While the technological details of securing data such as encryption, firewalls and ‘access control mechanisms’ might command the attention of data protection lawyers and industry specialists alike, many data breaches originate from simple human error. This is reflected in the case studies from the 2013 Annual Report of the Irish Data Protection Commissioner (“DPC”).
Set out below are three recurring issues in human-error-based security breaches rules which can be identified from the DPC’s 2013 Report and recent developments:
- No personal gain
Often, a breach of data protection rules through human error will not result in any gain for the individual responsible for the breach. In one instance, the DPC highlighted the case of a voluntary organisation working with young people where a volunteer accidentally lost photocopies of passports on the return journey from a trip abroad. Another case study concerned a doctor who sent a patient’s medical file to an incorrect e-mail address as the result of a spelling error. In a different case, another doctor inadvertently disclosed a wider range of medical records about a patient to an insurance company, than the narrower set of records required for assessment by the insurer of the patient’s knee injury.
- Junior staff mistakes
Human error is likely to occur where junior personnel have inadequate training, bad judgment or poor supervision. The DPC drew attention to a case where a data subject’s phone was stolen while out shopping at a major phone retailer. The two thieves involved subsequently convinced a trainee employee to give them the contact details of the owner so that they could ‘return’ the handset. They then appeared at the data subject’s isolated home looking for a reward for ‘finding’ the phone.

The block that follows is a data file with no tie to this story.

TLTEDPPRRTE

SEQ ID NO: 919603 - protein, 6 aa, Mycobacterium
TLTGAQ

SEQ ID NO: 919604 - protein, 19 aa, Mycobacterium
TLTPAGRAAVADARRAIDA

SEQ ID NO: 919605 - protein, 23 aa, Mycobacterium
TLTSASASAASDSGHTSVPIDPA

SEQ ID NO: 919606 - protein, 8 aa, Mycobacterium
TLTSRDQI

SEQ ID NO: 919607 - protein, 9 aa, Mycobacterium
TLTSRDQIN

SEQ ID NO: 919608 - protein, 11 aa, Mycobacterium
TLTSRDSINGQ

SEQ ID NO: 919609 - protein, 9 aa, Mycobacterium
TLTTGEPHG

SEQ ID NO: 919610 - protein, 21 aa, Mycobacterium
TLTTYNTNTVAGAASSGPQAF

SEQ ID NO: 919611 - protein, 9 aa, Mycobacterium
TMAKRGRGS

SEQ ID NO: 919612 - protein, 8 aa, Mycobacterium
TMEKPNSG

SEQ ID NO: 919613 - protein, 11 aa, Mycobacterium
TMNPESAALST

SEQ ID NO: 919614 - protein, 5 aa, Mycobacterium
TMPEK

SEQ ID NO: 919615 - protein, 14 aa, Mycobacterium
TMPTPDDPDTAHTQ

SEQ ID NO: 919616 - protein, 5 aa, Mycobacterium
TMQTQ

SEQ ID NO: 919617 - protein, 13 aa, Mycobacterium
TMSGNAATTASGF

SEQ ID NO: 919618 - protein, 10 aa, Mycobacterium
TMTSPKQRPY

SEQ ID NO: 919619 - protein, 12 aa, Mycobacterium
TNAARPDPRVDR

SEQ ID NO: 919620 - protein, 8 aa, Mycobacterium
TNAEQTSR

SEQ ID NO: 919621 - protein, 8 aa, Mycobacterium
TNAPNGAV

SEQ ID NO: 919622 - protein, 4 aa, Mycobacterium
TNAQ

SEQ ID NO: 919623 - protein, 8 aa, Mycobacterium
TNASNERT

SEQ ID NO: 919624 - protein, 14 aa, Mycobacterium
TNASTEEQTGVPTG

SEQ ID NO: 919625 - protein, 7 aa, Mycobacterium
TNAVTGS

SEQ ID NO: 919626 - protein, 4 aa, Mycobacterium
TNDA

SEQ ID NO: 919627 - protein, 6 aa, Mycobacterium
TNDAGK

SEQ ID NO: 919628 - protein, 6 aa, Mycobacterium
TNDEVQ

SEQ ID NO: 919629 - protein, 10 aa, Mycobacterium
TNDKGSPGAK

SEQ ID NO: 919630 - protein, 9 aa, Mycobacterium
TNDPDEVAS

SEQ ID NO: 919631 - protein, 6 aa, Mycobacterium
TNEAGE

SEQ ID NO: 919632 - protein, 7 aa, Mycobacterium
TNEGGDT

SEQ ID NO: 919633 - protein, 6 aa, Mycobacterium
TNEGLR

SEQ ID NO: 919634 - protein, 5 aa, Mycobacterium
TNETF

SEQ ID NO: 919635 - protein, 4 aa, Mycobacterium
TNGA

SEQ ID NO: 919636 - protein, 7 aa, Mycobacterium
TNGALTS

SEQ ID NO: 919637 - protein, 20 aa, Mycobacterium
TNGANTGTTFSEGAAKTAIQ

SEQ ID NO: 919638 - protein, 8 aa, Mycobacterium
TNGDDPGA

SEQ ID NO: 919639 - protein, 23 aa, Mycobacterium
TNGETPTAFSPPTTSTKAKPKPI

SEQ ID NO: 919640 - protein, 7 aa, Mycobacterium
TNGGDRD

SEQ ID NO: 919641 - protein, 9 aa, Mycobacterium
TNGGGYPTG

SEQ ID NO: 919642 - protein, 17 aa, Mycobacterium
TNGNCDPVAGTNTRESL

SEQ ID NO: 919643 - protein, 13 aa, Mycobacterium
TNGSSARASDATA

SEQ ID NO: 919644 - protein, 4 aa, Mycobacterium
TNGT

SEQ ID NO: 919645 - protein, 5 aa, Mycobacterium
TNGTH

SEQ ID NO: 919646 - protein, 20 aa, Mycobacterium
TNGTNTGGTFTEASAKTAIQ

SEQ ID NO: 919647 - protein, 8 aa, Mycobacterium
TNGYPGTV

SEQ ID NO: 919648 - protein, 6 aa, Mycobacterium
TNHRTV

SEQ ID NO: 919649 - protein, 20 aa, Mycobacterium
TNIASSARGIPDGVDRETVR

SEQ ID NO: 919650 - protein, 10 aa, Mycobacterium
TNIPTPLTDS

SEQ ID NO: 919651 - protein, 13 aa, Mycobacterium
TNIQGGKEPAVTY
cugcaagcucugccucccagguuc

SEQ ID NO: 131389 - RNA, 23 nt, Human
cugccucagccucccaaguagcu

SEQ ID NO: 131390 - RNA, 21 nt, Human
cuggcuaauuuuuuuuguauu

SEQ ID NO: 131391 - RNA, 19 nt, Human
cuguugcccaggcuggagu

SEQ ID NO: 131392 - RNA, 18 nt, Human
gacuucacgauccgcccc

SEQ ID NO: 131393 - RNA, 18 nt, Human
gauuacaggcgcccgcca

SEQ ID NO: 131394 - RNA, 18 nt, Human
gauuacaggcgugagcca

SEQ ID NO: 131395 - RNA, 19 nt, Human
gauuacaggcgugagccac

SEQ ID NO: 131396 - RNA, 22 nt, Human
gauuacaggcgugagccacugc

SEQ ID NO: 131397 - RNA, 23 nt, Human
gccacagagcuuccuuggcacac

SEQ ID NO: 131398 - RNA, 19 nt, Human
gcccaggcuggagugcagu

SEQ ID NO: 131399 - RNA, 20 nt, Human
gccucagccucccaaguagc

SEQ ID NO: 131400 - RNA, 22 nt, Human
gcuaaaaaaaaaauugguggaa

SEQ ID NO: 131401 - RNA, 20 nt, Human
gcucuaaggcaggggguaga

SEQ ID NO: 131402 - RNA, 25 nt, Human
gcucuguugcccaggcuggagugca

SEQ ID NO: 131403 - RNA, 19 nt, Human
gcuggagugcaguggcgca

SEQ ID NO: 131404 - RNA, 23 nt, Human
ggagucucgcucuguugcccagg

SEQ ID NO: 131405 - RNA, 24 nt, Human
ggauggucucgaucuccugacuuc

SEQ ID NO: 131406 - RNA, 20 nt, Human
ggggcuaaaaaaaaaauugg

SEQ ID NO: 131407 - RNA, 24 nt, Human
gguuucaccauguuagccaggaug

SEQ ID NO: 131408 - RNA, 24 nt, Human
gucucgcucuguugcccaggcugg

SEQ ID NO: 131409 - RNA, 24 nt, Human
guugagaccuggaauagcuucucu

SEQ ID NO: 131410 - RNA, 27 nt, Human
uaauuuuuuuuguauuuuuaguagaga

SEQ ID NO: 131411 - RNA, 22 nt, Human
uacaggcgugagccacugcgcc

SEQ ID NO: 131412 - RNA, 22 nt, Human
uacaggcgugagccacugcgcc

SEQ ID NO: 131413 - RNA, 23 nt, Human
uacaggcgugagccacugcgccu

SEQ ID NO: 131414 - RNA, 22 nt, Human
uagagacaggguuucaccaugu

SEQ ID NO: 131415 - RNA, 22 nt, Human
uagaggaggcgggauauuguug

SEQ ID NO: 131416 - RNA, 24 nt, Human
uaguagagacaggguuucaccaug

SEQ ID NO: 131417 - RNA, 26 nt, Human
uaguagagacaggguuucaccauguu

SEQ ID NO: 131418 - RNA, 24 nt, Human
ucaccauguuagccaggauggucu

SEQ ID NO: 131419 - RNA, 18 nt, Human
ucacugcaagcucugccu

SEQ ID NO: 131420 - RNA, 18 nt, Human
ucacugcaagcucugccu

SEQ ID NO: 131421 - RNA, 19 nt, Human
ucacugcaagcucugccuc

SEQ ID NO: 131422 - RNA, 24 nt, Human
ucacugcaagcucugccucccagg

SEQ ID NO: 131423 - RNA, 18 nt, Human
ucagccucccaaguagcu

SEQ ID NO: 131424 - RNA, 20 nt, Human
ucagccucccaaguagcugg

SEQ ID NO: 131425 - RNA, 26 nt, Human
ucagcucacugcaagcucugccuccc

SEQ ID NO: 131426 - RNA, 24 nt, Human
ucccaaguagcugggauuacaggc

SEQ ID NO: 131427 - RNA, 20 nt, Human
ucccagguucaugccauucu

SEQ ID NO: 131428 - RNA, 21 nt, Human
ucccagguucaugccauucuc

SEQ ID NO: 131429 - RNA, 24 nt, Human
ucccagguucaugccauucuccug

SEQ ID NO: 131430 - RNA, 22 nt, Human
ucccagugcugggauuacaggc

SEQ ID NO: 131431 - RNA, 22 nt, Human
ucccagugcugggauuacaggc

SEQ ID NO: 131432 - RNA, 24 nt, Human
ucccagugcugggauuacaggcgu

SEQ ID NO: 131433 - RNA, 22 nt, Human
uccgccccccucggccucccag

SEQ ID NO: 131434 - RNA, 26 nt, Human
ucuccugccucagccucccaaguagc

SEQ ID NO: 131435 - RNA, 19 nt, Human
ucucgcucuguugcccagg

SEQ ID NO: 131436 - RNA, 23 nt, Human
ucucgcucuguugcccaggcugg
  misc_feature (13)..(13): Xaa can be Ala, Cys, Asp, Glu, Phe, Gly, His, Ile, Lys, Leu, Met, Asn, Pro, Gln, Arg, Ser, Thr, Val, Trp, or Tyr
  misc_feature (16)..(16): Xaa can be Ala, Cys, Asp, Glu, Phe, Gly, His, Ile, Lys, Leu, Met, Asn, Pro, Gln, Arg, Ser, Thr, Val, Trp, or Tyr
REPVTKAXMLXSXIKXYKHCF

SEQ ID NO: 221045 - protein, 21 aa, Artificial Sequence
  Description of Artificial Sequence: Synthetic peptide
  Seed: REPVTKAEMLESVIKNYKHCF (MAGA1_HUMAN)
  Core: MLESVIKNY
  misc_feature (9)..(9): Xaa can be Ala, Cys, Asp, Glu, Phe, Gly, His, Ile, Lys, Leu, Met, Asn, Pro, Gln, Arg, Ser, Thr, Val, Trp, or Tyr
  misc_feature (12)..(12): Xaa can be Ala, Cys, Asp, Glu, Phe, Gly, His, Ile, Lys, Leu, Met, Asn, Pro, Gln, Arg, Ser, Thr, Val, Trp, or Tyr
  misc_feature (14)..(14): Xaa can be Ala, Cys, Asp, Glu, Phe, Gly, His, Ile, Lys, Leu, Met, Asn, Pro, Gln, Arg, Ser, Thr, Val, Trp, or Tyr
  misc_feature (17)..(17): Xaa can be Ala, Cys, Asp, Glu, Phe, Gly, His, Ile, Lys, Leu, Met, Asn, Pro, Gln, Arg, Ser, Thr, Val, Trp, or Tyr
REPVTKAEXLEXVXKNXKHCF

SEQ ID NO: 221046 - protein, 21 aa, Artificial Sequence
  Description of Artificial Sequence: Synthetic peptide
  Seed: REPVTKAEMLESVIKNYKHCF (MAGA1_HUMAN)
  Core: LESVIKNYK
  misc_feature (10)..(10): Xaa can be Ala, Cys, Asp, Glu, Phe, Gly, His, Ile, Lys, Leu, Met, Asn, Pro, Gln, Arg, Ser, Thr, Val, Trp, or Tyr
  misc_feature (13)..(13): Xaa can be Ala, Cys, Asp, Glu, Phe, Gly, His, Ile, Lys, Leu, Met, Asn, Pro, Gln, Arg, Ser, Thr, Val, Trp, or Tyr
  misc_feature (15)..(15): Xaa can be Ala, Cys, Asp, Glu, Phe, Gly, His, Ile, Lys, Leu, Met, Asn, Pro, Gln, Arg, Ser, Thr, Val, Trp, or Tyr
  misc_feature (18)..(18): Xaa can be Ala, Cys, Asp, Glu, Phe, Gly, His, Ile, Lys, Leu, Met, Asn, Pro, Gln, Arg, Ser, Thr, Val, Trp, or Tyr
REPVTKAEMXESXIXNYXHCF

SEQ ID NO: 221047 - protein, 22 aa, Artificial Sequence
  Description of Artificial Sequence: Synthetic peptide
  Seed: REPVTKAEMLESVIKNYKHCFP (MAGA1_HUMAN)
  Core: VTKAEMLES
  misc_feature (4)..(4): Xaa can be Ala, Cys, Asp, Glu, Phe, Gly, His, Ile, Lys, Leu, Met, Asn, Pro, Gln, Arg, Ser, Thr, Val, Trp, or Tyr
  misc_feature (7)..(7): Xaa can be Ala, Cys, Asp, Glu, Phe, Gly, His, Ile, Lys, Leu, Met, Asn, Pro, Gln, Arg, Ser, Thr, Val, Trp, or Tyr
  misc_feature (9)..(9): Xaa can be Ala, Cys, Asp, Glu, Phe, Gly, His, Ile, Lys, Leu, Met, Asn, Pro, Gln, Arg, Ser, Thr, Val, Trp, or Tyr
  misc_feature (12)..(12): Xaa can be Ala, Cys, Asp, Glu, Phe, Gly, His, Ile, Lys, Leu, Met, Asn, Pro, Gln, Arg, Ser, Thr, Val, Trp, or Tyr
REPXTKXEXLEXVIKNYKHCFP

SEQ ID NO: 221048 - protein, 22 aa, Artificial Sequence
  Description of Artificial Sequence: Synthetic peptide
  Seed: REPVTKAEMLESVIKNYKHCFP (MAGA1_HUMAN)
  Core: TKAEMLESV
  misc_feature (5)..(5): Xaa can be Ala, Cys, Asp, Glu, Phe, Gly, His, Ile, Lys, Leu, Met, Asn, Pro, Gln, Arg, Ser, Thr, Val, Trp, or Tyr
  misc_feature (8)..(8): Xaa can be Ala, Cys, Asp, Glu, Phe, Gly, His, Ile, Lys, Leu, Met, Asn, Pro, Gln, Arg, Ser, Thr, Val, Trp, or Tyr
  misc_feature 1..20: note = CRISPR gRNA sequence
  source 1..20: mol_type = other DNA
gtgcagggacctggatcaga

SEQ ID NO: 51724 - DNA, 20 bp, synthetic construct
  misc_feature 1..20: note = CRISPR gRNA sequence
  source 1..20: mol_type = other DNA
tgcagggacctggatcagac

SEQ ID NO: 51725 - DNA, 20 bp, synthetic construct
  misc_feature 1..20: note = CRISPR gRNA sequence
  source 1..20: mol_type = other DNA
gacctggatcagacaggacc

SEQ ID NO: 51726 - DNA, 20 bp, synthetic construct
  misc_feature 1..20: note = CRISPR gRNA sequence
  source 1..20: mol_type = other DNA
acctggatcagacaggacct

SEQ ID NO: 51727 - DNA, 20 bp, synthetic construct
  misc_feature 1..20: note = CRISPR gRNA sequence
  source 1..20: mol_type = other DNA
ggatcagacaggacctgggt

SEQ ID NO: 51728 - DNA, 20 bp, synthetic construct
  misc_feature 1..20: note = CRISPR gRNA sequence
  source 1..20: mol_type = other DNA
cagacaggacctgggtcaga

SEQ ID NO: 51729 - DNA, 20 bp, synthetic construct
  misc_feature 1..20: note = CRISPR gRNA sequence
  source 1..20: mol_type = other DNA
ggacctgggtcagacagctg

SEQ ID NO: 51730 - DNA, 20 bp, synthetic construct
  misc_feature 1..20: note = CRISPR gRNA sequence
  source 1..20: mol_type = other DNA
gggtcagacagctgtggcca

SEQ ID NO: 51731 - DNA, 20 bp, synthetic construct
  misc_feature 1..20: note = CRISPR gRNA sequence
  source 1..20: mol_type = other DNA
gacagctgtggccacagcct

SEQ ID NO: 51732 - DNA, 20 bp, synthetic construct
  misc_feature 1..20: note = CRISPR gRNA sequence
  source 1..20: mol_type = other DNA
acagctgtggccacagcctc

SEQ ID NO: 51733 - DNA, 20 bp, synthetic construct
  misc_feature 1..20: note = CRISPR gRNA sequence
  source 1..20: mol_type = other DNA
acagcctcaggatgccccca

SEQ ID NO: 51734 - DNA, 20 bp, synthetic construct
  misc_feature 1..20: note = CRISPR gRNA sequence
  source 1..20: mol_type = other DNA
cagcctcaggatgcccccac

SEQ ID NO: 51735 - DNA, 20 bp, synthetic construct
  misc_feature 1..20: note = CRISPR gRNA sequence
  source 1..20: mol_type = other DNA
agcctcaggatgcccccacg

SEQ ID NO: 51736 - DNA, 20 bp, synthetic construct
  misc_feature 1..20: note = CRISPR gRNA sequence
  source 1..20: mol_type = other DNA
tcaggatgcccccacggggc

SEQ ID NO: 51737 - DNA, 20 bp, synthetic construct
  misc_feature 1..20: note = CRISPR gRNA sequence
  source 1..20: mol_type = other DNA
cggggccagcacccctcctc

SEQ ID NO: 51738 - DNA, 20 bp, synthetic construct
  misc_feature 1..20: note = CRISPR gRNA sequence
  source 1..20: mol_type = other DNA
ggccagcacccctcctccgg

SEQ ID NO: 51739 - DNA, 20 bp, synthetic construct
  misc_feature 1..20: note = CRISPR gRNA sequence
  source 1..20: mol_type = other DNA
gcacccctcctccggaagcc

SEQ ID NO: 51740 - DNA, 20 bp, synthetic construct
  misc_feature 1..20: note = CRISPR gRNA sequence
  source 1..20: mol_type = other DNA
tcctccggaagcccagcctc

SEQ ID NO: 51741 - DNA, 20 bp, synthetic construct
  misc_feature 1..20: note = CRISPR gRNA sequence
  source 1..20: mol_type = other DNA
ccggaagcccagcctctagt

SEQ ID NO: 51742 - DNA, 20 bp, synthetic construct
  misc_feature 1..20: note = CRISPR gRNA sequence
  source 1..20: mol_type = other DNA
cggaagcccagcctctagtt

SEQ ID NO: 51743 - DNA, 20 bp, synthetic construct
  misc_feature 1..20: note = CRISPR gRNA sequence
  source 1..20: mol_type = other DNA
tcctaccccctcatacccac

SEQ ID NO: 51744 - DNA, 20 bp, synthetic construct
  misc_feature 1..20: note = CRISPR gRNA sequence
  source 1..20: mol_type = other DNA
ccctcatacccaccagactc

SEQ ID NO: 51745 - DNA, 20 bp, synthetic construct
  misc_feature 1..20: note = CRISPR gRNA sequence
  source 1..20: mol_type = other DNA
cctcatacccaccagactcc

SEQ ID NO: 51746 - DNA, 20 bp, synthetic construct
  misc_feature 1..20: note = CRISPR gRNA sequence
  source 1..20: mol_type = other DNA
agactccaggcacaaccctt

- High cost and global prevalence
A 2014 ‘Cost of Data Breach Study’ of 341 different organisations worldwide found that 30% of data breach incidents were caused by a negligent employee or contractor – i.e. human error – rather than criminal/malicious attacks or system glitches. Human error was also the leading cause of data breaches in the UK (40% of incidents in 40 organisations studied). Furthermore, the global ‘cost per compromised record’ for companies was on average $145, but where the breach was caused by lost or stolen devices this figure increased by $16.10.
How can the problem be tackled?
On the face of it, breaches from human error can be difficult to handle. This results from the lack of personal gain or profit motive that might be found in an outsiders’ attempt at hacking. However, there are simple strategies that companies can introduce to reduce these problems.
Staff at all levels should understand the general principles of data protection. In this regard, adequate and specific training should be provided to all employees who have any contact with personal data.
When a data controller decides which employees will have access to personal data, then proper procedures should be put in place to supervise the release of any data to third parties. The DPC emphasises that these procedures must be enforced throughout each organisation.
One ‘go-to’ data protection officer
Even in smaller organisations, it is important to have a centralised point where data protection issues are dealt with. This is particularly important where junior staff are concerned - junior employees should know who to go to when confronted with a data protection issue.